Cheers
Greg
I sent one final shout after him to stick to the track, to which he replied “All right,” That was the last ever seen of Gibson - E Giles 23 April 1874

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Follow Up By: equinox - Sunday, Jan 10, 2016 at 15:59

Sunday, Jan 10, 2016 at 15:59
Hi Greg,
That's a great selection there, especially your grandfathers.

You're right the fluid in mine is slightly blue, though doesn't affect the operation (I hope).

Cheers
Alan

Looking for adventure.
In whatever comes our way.
"Outback Yonder"


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Follow Up By: B1B2 - Sunday, Jan 10, 2016 at 16:31

Sunday, Jan 10, 2016 at 16:31
Greg,
I reckon your grandfather's compass is survival equipment from a ship's lifeboat.
Has it got Capt Bligh written anywhere?


Cheers,
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Follow Up By: The Explorer - Sunday, Jan 10, 2016 at 16:34

Sunday, Jan 10, 2016 at 16:34
...yeah the blue colour doesn't stop the compass working but it will slowly get darker and darker making seeing through the liquid difficult to impossible (especially small numbers/tickmarks). Not sure how long it took mine to become close on useless.

Cheers
Greg
I sent one final shout after him to stick to the track, to which he replied “All right,” That was the last ever seen of Gibson - E Giles 23 April 1874

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Reply By: Member - Andrew & Jen - Sunday, Jan 10, 2016 at 18:38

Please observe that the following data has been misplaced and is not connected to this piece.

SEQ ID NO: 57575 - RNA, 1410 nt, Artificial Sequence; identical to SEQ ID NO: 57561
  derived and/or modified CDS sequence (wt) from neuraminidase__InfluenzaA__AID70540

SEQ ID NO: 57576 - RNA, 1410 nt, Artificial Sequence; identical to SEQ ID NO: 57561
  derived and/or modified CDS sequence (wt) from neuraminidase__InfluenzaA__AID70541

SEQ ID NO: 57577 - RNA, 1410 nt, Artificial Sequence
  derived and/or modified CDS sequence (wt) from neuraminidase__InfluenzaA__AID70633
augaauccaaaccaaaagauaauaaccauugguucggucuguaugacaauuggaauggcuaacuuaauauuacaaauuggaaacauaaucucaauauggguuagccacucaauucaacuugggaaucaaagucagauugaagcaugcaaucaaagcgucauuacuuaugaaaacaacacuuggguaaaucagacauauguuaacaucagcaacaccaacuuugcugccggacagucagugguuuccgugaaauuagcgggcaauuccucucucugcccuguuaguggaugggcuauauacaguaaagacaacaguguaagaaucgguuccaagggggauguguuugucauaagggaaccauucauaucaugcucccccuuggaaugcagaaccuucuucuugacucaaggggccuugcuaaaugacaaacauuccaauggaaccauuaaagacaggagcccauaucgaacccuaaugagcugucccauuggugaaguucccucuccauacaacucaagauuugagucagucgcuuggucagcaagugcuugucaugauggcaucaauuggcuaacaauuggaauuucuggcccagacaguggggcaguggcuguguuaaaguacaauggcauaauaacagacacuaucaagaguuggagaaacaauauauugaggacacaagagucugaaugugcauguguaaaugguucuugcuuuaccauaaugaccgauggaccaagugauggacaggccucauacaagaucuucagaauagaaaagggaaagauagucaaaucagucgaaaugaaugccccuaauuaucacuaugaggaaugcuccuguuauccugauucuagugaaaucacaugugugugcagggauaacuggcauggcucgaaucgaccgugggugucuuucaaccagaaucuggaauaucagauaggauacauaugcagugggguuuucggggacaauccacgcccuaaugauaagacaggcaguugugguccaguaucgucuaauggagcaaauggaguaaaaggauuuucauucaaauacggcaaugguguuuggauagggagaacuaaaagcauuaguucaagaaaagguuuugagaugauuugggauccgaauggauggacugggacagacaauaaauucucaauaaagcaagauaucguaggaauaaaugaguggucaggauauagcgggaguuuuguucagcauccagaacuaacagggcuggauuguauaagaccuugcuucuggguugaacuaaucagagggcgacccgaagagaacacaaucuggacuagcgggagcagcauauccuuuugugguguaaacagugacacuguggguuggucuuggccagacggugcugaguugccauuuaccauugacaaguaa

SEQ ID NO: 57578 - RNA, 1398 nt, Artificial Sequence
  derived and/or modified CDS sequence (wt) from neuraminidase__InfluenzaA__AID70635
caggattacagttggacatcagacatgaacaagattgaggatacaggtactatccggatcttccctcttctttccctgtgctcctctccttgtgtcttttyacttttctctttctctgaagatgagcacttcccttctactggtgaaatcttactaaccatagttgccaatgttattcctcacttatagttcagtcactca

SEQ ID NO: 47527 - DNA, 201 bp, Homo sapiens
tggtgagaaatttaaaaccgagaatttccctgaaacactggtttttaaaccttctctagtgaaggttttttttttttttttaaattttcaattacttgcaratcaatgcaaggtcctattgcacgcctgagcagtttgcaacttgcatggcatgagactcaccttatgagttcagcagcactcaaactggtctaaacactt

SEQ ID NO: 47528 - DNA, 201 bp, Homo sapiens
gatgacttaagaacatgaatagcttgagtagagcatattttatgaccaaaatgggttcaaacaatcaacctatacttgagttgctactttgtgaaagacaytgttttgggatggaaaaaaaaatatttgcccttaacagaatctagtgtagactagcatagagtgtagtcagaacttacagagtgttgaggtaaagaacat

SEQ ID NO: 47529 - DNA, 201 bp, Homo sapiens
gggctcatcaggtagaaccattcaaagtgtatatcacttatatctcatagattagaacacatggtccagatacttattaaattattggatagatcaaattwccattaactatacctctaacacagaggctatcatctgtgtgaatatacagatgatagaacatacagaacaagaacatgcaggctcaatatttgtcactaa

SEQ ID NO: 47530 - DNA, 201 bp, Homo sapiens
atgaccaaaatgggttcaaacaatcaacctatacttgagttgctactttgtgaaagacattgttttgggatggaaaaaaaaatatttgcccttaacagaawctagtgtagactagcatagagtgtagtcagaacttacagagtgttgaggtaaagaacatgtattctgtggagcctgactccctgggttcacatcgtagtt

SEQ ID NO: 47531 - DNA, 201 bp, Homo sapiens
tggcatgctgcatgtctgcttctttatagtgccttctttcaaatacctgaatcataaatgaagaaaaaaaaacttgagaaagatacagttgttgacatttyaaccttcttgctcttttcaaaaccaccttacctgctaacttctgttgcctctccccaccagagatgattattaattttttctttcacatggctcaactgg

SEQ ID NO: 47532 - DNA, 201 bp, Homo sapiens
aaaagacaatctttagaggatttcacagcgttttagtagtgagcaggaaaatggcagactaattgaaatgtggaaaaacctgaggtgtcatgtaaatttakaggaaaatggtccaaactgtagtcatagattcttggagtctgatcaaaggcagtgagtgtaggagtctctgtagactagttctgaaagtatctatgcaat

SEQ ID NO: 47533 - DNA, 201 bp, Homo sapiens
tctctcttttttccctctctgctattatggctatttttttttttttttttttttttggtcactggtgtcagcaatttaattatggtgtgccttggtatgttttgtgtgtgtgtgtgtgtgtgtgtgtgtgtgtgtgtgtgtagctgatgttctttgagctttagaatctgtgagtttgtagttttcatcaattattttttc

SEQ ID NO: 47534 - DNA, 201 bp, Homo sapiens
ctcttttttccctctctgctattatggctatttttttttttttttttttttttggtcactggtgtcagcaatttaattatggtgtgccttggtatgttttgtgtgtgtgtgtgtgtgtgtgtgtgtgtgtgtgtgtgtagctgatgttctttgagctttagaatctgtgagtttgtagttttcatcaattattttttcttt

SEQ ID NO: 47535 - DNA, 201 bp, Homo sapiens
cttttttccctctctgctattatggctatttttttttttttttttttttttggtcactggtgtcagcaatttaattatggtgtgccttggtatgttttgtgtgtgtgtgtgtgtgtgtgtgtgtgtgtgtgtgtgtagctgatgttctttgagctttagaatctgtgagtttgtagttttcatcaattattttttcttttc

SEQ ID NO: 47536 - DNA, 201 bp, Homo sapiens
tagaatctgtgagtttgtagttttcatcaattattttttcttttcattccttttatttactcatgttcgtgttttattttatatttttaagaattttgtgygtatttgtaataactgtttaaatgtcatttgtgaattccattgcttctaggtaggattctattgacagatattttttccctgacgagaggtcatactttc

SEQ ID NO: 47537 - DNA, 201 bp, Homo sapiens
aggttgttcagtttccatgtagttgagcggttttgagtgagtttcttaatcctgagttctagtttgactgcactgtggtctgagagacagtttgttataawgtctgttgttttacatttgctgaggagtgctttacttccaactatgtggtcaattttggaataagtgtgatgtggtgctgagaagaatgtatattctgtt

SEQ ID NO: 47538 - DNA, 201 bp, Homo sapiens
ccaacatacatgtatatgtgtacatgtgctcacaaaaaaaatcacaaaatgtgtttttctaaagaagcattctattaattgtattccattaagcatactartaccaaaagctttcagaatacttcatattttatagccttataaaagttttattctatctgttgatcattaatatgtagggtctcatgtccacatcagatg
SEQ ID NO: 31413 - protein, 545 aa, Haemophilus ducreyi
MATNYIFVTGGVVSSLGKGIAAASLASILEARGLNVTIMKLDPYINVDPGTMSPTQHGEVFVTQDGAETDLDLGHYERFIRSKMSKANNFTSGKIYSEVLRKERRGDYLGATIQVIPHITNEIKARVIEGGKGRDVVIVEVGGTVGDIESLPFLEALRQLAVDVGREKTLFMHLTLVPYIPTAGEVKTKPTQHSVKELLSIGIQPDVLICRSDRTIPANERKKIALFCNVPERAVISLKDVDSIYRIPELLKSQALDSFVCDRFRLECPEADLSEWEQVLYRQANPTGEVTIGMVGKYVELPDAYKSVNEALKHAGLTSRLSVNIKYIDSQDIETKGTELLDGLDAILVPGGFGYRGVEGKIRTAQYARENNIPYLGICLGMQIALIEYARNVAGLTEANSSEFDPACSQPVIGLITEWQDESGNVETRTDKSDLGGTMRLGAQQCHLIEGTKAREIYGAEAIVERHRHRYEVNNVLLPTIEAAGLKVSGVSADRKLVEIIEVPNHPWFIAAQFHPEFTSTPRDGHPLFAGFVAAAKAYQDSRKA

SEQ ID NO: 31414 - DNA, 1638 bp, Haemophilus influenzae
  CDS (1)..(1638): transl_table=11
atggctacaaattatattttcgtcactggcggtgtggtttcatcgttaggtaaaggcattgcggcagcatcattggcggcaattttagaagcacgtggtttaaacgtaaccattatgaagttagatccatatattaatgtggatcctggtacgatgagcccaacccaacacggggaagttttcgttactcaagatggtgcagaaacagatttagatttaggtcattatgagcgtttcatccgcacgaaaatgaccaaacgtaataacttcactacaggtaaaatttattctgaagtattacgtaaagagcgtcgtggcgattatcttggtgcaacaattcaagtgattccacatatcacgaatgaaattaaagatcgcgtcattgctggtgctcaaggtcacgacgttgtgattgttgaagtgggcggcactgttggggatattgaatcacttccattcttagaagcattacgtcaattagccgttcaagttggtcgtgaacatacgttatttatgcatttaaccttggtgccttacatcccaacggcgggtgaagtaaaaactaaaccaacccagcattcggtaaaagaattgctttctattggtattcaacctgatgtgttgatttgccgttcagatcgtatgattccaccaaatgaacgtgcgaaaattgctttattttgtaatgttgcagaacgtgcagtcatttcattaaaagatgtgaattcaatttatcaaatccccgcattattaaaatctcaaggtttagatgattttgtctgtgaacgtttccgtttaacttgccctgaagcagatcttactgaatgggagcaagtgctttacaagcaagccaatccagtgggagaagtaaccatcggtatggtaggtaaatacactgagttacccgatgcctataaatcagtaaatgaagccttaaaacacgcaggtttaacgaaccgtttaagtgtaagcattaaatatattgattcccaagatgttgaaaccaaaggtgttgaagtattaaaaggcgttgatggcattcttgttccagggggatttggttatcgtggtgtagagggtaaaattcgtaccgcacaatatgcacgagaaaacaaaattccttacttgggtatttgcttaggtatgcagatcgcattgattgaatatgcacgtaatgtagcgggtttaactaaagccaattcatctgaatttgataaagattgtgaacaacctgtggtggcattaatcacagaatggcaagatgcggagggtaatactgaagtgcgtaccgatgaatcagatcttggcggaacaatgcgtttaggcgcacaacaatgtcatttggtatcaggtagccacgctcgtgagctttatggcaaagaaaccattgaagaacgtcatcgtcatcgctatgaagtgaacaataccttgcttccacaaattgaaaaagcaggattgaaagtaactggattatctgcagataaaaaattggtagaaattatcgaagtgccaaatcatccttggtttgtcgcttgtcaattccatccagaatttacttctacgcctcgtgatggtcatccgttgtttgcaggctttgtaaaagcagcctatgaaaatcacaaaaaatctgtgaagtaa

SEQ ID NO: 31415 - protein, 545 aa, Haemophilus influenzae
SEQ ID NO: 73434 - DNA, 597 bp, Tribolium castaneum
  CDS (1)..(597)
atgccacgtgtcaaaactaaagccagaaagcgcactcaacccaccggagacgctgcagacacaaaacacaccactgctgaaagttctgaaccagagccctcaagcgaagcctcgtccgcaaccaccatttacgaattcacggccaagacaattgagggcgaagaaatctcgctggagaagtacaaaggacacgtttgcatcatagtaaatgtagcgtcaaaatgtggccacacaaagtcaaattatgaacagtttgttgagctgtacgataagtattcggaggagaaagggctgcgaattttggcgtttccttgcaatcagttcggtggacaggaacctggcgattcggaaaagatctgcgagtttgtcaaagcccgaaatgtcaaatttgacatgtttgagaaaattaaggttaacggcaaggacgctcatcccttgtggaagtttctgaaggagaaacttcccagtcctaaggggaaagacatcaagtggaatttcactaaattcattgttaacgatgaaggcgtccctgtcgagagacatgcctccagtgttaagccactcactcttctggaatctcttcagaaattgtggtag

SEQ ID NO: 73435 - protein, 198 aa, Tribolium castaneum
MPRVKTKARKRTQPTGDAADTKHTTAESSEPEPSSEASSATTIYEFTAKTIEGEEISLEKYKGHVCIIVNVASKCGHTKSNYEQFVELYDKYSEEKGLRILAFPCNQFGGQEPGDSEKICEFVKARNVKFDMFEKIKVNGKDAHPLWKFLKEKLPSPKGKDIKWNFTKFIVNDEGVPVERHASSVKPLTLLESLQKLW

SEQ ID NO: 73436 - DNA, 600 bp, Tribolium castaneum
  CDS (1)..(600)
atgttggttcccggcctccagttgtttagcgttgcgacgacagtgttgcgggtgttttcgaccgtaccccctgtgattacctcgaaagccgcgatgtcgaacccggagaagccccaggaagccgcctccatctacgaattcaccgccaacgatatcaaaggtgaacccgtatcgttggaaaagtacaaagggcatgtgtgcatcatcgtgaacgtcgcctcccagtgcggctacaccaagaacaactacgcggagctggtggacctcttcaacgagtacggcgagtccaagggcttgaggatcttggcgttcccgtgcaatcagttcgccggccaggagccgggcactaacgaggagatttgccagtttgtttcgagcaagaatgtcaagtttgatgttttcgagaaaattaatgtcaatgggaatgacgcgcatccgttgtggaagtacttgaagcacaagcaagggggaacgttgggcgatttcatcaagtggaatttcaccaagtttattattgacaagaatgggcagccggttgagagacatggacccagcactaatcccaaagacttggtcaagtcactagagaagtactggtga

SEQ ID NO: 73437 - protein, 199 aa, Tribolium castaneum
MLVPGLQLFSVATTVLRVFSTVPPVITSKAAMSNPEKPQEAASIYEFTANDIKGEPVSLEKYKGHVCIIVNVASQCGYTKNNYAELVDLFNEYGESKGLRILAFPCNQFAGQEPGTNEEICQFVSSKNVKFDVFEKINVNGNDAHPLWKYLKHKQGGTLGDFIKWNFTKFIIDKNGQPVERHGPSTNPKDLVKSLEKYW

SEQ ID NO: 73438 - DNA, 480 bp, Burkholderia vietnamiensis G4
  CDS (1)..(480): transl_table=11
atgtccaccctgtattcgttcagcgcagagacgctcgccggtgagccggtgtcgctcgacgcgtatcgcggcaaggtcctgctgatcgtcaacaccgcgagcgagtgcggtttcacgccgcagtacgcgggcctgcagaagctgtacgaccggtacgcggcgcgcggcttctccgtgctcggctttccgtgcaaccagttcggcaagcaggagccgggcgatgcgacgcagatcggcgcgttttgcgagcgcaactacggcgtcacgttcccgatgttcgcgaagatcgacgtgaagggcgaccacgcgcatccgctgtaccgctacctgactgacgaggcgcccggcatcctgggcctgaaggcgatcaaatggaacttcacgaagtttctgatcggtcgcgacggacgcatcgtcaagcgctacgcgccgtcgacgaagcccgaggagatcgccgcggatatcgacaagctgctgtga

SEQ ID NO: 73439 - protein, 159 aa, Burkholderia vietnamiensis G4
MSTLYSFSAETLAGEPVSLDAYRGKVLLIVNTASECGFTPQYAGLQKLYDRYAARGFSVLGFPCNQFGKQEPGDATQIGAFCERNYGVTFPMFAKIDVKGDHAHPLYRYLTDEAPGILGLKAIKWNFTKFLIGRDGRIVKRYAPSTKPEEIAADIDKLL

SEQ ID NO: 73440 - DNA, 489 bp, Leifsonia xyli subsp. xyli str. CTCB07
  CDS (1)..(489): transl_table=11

Sunday, Jan 10, 2016 at 18:38
Hullo Alan
Silva Type 80
Pretty basic; used it on the boat as a backup and for keeping my hand in checking the course on the charts.
Now in the survival bag for similar reasons :-)
Cheers
Andrew
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Follow Up By: Member - Andrew & Jen - Thursday, Feb 18, 2016 at 21:59

Thursday, Feb 18, 2016 at 21:59
Alan
Mine is as described by Idler Chis but more modern. Encased in yellow shock absorbing rubber and hangs around my neck.
Damped movement and quite accurate. Good for taking bearings.
Cheers
Andrew
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Reply By: Member - Will 76 Series - Sunday, Jan 10, 2016 at 18:50

Sunday, Jan 10, 2016 at 18:50
Allen, I am another fan of the silva compass it used by militaries around the world and has everything you need. A trap sometimes is that there is northern and southern hemisphere version.
AnswerID: 594710

Reply By: Idler Chris - Sunday, Jan 10, 2016 at 21:23

Sunday, Jan 10, 2016 at 21:23